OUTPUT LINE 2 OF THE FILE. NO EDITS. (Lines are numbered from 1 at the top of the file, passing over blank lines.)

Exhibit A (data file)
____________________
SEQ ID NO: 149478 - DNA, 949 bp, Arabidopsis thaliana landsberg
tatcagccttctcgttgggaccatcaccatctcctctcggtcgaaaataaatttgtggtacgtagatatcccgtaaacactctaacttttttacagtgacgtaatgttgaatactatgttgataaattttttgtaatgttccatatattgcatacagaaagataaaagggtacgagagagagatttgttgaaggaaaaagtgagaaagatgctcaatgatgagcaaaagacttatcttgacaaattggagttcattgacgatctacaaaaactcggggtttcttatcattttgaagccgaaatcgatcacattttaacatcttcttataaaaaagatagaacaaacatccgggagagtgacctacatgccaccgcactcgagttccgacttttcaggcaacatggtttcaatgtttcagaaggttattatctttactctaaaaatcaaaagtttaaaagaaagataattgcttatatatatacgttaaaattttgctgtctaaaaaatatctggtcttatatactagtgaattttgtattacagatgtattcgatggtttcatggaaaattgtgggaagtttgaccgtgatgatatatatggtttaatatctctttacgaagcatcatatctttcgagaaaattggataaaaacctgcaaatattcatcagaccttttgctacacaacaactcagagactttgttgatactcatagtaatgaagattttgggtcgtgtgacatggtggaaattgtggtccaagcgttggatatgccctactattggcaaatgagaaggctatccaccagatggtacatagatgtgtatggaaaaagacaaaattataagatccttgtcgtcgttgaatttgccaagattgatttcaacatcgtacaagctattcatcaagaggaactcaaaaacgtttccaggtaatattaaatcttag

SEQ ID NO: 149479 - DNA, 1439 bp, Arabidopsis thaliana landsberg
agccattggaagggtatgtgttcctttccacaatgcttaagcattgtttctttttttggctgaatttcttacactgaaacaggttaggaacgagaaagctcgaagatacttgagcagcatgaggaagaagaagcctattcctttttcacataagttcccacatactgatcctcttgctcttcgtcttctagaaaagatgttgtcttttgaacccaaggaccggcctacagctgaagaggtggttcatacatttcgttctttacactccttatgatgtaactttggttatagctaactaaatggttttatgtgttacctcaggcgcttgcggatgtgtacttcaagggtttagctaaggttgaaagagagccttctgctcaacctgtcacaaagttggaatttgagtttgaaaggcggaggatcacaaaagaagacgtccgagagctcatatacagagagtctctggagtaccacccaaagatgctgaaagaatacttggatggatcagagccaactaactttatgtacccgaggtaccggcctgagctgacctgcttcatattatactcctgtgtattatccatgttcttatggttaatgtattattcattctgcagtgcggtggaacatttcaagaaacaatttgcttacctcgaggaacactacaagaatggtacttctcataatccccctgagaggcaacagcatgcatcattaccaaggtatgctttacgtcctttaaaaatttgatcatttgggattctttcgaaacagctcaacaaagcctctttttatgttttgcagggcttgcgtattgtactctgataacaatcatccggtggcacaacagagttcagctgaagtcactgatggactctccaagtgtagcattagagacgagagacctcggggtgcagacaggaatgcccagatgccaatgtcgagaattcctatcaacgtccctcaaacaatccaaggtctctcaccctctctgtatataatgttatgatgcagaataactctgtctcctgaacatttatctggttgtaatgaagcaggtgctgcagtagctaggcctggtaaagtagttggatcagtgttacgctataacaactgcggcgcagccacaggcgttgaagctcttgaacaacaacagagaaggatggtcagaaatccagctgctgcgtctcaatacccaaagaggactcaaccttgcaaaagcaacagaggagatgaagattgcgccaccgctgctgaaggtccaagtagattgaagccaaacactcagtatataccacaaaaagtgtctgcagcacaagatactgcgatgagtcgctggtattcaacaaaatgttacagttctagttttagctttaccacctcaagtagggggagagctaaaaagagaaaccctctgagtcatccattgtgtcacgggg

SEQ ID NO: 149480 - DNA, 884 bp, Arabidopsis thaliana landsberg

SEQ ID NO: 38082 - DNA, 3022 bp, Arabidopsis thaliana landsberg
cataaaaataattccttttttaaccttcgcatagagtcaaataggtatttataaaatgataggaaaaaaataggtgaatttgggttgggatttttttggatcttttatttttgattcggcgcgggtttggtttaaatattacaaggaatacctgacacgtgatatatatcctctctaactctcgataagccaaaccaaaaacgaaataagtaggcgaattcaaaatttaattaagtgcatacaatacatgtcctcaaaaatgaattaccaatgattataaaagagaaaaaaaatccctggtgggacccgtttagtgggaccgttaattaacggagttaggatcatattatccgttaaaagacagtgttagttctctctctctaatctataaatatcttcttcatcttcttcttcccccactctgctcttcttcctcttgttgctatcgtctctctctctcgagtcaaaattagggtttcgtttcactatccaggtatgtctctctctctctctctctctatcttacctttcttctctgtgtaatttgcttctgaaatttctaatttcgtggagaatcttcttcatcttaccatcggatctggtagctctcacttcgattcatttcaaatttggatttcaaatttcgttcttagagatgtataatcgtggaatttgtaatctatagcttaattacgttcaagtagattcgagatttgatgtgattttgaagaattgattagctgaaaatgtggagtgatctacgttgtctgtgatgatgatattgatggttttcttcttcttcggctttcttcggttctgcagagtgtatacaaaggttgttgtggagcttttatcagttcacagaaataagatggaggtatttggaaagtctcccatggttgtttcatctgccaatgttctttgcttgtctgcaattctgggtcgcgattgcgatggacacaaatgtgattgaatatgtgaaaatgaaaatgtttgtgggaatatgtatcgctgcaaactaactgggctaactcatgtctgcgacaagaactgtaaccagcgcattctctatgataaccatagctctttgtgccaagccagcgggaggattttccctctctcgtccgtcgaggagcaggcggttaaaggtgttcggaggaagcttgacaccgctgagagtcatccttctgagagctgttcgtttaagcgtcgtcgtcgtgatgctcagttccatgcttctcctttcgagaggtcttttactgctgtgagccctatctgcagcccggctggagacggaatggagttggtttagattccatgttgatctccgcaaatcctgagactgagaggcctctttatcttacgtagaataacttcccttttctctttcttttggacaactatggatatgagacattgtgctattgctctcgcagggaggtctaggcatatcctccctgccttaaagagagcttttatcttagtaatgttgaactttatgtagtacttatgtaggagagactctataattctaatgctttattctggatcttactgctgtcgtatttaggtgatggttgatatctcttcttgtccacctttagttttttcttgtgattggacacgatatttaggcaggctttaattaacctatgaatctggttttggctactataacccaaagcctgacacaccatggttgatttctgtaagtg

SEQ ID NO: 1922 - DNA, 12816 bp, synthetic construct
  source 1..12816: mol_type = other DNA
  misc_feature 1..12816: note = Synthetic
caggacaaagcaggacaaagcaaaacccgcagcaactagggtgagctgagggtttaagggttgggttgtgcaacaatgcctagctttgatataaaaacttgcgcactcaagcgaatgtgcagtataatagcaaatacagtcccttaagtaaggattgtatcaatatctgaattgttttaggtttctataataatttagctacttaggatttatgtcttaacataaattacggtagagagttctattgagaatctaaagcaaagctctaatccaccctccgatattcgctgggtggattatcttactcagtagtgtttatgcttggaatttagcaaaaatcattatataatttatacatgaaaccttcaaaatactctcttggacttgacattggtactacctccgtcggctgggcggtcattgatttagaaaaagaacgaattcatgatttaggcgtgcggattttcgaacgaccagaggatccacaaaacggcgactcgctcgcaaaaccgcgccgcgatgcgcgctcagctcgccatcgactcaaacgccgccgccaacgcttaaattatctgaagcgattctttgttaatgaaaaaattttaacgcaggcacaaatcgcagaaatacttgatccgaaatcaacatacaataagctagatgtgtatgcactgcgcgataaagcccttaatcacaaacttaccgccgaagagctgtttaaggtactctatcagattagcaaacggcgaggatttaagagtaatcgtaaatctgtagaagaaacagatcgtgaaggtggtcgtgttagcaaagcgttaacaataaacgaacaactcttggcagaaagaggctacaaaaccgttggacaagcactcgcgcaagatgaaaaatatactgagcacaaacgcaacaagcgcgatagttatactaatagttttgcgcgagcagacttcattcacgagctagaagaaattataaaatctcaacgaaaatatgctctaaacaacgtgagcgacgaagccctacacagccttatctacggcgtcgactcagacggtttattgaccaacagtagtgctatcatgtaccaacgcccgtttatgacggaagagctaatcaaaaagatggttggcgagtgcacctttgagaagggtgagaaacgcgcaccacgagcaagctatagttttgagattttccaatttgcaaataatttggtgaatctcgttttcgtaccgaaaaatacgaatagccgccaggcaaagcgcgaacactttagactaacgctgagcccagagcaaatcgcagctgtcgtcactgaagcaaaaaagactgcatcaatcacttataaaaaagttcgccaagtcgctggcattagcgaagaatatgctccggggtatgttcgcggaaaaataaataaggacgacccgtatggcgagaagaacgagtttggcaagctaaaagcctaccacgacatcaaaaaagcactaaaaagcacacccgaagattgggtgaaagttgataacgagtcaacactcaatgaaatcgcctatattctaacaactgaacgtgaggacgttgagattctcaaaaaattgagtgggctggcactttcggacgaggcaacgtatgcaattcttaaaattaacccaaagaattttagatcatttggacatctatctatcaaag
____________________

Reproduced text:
tatcagccttctcgttgggaccatcaccatctcctctcggtcgaaaataaatttgtggtacgtagatatcccgtaaacactctaacttttttacagtgacgtaatgttgaatactatgttgataaattttttgtaatgttccatatattgcatacagaaagataaaagggtacgagagagagatttgttgaaggaaaaagtgagaaagatgctcaatgatgagcaaaagacttatcttgacaaattggagttcattgacgatctacaaaaactcggggtttcttatcattttgaagccgaaatcgatcacattttaacatcttcttataaaaaagatagaacaaacatccgggagagtgacctacatgccaccgcactcgagttccgacttttcaggcaacatggtttcaatgtttcagaaggttattatctttactctaaaaatcaaaagtttaaaagaaagataattgcttatatatatacgttaaaattttgctgtctaaaaaatatctggtcttatatactagtgaattttgtattacagatgtattcgatggtttcatggaaaattgtgggaagtttgaccgtgatgatatatatggtttaatatctctttacgaagcatcatatctttcgagaaaattggataaaaacctgcaaatattcatcagaccttttgctacacaacaactcagagactttgttgatactcatagtaatgaagattttgggtcgtgtgacatggtggaaattgtggtccaagcgttggatatgccctactattggcaaatgagaaggctatccaccagatggtacatagatgtgtatggaaaaagacaaaattataagatccttgtcgtcgttgaatttgccaagattgatttcaacatcgtacaagctattcatcaagaggaactcaaaaacgtttccaggtaatattaaatcttag